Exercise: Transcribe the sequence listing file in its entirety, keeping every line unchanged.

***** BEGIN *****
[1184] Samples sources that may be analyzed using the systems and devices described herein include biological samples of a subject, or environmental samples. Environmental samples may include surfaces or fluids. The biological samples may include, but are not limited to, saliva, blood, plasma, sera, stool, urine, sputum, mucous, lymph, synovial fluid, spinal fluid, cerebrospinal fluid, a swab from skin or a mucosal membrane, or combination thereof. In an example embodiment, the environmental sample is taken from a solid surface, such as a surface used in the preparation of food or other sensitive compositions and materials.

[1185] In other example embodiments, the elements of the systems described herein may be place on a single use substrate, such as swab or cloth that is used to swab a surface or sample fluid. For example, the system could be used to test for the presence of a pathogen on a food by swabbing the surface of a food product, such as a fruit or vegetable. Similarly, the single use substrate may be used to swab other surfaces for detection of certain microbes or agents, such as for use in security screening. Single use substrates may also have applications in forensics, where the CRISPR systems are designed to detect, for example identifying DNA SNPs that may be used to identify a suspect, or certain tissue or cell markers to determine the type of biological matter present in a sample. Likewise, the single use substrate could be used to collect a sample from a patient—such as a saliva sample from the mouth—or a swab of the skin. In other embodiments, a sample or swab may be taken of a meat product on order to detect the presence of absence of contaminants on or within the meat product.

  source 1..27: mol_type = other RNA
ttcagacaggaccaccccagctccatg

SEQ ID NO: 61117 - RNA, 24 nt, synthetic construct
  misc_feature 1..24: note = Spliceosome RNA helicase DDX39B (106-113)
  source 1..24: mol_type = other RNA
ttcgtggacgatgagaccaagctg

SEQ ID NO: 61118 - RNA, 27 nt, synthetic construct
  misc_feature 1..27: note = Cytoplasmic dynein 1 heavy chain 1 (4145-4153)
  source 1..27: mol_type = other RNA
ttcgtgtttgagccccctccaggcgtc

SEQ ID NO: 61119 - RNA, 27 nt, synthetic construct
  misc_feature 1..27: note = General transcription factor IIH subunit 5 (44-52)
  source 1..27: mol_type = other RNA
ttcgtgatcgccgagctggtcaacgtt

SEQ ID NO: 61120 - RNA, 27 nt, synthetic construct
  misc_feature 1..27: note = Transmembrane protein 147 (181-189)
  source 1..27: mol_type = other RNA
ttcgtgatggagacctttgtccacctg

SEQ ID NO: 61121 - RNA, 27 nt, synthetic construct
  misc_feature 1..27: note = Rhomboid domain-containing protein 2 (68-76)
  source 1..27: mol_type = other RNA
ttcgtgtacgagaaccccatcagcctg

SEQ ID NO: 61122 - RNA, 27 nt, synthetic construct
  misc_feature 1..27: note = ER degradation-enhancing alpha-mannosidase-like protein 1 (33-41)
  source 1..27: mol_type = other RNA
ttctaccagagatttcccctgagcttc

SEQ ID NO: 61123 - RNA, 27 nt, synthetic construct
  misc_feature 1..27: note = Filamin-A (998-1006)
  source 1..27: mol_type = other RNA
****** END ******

[1184] Samples sources that may be analyzed using the systems and devices described herein include biological samples of a subject, or environmental samples. Environmental samples may include surfaces or fluids. The biological samples may include, but are not limited to, saliva, blood, plasma, sera, stool, urine, sputum, mucous, lymph, synovial fluid, spinal fluid, cerebrospinal fluid, a swab from skin or a mucosal membrane, or combination thereof. In an example embodiment, the environmental sample is taken from a solid surface, such as a surface used in the preparation of food or other sensitive compositions and materials.

[1185] In other example embodiments, the elements of the systems described herein may be place on a single use substrate, such as swab or cloth that is used to swab a surface or sample fluid. For example, the system could be used to test for the presence of a pathogen on a food by swabbing the surface of a food product, such as a fruit or vegetable. Similarly, the single use substrate may be used to swab other surfaces for detection of certain microbes or agents, such as for use in security screening. Single use substrates may also have applications in forensics, where the CRISPR systems are designed to detect, for example identifying DNA SNPs that may be used to identify a suspect, or certain tissue or cell markers to determine the type of biological matter present in a sample. Likewise, the single use substrate could be used to collect a sample from a patient—such as a saliva sample from the mouth—or a swab of the skin. In other embodiments, a sample or swab may be taken of a meat product on order to detect the presence of absence of contaminants on or within the meat product.

  source 1..27: mol_type = other RNA
ttcagacaggaccaccccagctccatg

SEQ ID NO: 61117 - RNA, 24 nt, synthetic construct
  misc_feature 1..24: note = Spliceosome RNA helicase DDX39B (106-113)
  source 1..24: mol_type = other RNA
ttcgtggacgatgagaccaagctg

SEQ ID NO: 61118 - RNA, 27 nt, synthetic construct
  misc_feature 1..27: note = Cytoplasmic dynein 1 heavy chain 1 (4145-4153)
  source 1..27: mol_type = other RNA
ttcgtgtttgagccccctccaggcgtc

SEQ ID NO: 61119 - RNA, 27 nt, synthetic construct
  misc_feature 1..27: note = General transcription factor IIH subunit 5 (44-52)
  source 1..27: mol_type = other RNA
ttcgtgatcgccgagctggtcaacgtt

SEQ ID NO: 61120 - RNA, 27 nt, synthetic construct
  misc_feature 1..27: note = Transmembrane protein 147 (181-189)
  source 1..27: mol_type = other RNA
ttcgtgatggagacctttgtccacctg

SEQ ID NO: 61121 - RNA, 27 nt, synthetic construct
  misc_feature 1..27: note = Rhomboid domain-containing protein 2 (68-76)
  source 1..27: mol_type = other RNA
ttcgtgtacgagaaccccatcagcctg

SEQ ID NO: 61122 - RNA, 27 nt, synthetic construct
  misc_feature 1..27: note = ER degradation-enhancing alpha-mannosidase-like protein 1 (33-41)
  source 1..27: mol_type = other RNA
ttctaccagagatttcccctgagcttc

SEQ ID NO: 61123 - RNA, 27 nt, synthetic construct
  misc_feature 1..27: note = Filamin-A (998-1006)
  source 1..27: mol_type = other RNA